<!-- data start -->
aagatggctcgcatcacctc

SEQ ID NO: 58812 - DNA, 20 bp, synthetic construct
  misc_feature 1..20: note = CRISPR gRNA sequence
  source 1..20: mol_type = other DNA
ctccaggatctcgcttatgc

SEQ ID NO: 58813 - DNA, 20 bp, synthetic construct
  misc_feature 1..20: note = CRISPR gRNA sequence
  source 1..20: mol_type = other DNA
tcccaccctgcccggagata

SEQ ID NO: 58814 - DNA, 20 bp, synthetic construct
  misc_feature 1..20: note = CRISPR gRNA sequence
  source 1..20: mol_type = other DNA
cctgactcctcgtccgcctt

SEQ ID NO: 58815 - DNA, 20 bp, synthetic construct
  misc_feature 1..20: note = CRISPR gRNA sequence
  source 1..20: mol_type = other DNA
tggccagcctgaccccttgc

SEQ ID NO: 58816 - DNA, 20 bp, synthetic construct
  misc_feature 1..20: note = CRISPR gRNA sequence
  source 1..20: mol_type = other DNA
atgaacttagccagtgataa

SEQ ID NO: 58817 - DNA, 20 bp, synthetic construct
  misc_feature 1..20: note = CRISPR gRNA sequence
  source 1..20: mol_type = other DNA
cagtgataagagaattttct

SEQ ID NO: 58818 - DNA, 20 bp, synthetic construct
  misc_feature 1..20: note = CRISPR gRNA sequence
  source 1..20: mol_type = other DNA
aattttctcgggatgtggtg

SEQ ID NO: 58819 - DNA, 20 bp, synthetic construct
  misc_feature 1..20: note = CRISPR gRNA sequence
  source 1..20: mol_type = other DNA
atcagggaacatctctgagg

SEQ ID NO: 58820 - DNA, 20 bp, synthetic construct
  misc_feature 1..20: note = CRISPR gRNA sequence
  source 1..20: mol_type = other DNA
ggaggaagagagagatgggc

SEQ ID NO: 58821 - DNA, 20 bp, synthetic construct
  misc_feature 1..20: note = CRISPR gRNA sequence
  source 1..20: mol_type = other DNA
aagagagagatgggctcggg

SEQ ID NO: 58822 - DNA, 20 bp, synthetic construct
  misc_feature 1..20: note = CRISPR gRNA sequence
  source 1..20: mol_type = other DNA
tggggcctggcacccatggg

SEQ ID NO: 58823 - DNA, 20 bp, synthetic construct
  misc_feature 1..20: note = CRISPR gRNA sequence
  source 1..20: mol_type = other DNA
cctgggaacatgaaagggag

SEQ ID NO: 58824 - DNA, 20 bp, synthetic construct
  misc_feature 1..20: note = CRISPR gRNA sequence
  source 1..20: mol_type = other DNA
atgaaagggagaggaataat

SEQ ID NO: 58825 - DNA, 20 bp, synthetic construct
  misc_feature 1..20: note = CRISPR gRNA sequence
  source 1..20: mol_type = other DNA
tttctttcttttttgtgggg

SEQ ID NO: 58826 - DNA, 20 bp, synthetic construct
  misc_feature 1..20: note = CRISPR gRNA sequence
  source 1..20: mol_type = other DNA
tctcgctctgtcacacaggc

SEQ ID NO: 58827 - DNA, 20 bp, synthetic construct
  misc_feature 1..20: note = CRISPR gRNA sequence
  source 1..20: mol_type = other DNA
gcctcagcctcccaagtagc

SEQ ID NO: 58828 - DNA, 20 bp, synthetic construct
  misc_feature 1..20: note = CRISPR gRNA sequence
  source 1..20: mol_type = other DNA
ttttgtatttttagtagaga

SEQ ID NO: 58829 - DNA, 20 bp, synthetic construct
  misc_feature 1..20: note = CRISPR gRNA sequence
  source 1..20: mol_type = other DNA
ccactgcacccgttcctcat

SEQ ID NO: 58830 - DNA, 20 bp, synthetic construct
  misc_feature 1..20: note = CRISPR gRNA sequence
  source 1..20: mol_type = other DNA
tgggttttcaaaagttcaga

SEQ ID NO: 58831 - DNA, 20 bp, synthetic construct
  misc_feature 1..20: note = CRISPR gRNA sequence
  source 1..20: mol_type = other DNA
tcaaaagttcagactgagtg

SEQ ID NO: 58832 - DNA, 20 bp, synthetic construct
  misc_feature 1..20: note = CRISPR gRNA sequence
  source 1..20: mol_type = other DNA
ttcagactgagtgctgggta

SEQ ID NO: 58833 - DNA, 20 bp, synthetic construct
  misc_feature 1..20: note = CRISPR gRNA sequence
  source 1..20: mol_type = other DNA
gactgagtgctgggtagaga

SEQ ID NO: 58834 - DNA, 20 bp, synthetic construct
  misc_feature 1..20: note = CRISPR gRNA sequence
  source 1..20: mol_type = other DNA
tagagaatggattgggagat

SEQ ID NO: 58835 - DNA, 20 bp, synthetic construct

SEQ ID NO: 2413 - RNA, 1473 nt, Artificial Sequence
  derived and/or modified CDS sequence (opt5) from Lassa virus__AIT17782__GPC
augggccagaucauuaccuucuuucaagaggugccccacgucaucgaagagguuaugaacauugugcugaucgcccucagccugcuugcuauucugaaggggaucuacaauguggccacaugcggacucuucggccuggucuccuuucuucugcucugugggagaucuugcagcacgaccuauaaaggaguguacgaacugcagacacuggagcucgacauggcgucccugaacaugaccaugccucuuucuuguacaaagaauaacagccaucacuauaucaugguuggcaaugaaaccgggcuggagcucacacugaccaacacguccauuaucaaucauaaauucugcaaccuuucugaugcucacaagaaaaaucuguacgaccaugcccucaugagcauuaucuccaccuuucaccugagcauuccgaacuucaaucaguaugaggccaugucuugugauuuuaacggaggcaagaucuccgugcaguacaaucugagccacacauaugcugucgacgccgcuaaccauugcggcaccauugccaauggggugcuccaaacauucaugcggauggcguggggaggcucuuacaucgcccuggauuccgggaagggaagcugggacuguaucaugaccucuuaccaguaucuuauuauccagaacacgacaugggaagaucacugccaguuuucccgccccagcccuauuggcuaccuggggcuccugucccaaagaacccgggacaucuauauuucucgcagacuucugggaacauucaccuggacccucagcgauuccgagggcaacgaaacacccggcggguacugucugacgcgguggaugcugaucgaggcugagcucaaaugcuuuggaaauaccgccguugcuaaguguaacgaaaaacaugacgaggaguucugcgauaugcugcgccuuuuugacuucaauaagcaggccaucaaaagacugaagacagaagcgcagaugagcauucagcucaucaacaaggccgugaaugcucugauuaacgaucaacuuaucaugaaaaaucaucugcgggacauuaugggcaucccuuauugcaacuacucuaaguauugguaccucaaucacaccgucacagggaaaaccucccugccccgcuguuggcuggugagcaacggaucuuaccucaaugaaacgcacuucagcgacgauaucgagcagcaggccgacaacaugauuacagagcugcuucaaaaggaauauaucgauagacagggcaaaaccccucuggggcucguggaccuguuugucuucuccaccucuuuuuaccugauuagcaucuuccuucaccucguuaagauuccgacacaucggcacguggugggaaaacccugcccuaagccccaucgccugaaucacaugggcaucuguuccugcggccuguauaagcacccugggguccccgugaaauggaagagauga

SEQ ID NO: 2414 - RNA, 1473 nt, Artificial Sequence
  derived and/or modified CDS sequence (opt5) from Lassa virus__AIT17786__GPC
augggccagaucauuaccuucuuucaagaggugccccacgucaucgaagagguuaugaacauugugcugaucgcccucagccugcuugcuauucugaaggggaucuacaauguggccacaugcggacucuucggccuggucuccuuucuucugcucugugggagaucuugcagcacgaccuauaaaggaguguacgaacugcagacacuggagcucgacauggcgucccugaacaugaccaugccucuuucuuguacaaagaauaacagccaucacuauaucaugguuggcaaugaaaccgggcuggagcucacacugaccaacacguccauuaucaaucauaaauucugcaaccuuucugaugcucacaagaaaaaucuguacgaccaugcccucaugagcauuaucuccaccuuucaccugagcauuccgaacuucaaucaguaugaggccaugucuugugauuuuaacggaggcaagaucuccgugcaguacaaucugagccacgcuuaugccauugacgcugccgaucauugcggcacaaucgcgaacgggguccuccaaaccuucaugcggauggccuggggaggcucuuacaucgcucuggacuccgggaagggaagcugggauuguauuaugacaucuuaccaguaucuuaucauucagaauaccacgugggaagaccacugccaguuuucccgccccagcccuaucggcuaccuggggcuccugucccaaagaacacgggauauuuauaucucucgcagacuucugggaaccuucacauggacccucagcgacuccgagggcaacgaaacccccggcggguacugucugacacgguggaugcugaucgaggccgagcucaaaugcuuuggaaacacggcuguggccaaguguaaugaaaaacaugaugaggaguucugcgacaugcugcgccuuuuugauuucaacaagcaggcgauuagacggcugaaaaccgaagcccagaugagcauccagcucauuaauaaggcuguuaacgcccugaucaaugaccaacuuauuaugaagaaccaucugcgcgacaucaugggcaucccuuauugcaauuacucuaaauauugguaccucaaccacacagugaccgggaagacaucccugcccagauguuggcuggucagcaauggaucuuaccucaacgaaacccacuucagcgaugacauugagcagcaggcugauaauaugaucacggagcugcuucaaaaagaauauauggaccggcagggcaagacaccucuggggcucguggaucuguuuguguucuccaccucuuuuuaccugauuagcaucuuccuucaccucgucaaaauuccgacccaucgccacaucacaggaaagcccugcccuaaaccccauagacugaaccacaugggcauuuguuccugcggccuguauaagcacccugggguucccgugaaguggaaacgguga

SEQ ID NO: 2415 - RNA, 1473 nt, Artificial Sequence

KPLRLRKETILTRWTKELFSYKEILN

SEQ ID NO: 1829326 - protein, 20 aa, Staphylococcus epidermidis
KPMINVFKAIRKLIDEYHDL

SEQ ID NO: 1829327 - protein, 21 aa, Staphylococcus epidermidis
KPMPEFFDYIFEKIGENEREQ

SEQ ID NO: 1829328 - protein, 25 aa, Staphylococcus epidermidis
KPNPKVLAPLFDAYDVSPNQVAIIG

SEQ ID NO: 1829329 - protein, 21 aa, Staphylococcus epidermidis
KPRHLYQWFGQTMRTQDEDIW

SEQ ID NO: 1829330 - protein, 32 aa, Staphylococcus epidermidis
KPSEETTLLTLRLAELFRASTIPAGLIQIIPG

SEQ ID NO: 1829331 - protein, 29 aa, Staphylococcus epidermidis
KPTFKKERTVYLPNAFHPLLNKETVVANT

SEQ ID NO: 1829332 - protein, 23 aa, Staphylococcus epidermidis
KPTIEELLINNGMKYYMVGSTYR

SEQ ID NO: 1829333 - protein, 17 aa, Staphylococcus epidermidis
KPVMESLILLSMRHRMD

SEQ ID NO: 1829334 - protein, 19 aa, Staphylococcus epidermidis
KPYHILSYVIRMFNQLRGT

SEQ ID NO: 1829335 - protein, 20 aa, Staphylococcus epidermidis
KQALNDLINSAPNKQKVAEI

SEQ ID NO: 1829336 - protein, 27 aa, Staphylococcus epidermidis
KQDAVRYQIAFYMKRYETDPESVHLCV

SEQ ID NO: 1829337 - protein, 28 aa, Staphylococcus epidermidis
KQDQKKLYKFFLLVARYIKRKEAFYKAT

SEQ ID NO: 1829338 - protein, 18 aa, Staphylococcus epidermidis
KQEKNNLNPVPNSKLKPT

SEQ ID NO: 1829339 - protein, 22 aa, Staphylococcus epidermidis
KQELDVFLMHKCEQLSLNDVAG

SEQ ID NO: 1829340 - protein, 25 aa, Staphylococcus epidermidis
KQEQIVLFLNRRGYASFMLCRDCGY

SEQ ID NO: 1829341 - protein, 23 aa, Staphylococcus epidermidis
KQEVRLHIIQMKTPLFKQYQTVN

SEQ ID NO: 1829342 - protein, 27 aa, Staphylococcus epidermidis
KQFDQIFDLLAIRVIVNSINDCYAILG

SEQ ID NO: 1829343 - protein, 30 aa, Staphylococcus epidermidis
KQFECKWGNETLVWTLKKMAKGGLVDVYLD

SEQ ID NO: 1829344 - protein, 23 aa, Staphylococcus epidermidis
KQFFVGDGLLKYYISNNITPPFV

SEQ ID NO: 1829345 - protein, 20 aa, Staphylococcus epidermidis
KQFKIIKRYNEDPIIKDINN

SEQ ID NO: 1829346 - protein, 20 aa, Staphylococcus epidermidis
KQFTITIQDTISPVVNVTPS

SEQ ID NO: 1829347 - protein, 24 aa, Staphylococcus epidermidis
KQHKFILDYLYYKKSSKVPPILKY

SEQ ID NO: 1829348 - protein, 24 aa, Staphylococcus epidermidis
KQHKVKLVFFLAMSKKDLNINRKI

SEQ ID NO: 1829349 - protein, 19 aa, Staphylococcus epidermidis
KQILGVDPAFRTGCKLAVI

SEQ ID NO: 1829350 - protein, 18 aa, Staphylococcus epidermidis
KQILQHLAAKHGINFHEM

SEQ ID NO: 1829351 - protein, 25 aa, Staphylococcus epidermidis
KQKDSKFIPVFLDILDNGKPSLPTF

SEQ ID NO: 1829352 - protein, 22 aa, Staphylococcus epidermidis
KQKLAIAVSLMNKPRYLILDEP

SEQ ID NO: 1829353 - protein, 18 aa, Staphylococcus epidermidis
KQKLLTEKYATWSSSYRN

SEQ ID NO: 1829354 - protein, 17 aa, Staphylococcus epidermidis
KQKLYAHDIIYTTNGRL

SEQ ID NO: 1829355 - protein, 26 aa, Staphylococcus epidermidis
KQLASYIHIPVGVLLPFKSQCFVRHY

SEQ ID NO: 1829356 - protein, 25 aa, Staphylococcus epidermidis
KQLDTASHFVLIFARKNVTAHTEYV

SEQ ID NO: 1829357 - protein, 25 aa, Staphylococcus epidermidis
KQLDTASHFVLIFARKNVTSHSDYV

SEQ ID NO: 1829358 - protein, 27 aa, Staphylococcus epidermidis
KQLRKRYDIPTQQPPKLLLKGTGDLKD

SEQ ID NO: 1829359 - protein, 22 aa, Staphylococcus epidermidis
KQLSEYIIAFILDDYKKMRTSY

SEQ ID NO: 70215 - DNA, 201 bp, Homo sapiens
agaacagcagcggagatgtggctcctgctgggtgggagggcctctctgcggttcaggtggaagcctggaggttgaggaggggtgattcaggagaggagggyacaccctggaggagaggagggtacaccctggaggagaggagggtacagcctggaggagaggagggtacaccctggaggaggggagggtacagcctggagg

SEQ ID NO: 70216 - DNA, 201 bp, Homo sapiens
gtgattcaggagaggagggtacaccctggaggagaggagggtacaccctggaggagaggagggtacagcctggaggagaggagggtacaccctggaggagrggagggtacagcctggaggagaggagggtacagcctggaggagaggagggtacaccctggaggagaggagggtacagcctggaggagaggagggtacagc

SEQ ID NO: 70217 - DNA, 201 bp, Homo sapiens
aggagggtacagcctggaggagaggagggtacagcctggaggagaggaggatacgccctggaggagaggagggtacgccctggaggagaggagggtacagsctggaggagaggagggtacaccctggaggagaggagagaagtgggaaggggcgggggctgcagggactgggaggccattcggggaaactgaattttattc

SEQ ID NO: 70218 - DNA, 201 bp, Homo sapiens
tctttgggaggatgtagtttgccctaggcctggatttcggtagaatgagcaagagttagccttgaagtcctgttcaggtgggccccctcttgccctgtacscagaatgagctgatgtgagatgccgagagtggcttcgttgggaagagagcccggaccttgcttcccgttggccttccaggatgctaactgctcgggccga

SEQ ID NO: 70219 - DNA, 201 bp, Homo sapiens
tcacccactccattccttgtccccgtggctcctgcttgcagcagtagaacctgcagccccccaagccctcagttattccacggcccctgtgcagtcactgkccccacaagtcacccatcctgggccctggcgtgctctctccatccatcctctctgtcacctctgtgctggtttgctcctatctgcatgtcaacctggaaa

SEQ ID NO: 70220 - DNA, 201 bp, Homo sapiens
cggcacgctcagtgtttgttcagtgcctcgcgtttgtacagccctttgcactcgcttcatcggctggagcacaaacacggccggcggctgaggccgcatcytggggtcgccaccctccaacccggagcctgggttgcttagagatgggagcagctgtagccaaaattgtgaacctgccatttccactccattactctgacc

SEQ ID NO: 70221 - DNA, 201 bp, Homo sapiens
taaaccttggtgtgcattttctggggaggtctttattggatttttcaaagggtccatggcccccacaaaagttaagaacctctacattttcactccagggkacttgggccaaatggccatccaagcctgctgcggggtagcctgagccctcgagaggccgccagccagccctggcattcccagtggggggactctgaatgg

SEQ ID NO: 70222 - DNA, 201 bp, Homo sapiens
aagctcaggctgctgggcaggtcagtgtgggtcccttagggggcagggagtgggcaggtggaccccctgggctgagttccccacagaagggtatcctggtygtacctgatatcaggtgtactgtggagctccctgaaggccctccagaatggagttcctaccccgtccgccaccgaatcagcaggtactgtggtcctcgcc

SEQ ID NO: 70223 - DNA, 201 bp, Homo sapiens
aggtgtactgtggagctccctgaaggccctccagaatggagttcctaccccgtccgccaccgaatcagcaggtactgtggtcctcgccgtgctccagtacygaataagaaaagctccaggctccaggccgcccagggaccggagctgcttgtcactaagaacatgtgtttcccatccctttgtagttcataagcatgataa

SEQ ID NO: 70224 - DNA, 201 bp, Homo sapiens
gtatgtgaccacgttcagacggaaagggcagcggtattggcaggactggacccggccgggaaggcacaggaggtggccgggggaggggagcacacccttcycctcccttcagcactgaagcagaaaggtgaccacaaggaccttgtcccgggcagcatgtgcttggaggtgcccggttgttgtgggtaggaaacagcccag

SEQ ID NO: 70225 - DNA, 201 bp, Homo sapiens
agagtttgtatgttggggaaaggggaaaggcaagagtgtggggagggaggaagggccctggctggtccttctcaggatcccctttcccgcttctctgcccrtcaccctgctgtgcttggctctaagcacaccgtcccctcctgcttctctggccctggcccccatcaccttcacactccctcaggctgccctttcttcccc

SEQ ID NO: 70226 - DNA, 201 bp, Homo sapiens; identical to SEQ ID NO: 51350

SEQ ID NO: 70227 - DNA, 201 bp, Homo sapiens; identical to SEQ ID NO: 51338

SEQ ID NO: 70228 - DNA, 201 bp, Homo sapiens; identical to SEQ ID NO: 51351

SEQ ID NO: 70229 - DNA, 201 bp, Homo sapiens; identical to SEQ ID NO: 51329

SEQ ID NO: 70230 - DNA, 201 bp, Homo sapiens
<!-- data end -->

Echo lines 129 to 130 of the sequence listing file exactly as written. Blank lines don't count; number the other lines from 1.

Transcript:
SEQ ID NO: 1829339 - protein, 22 aa, Staphylococcus epidermidis
KQELDVFLMHKCEQLSLNDVAG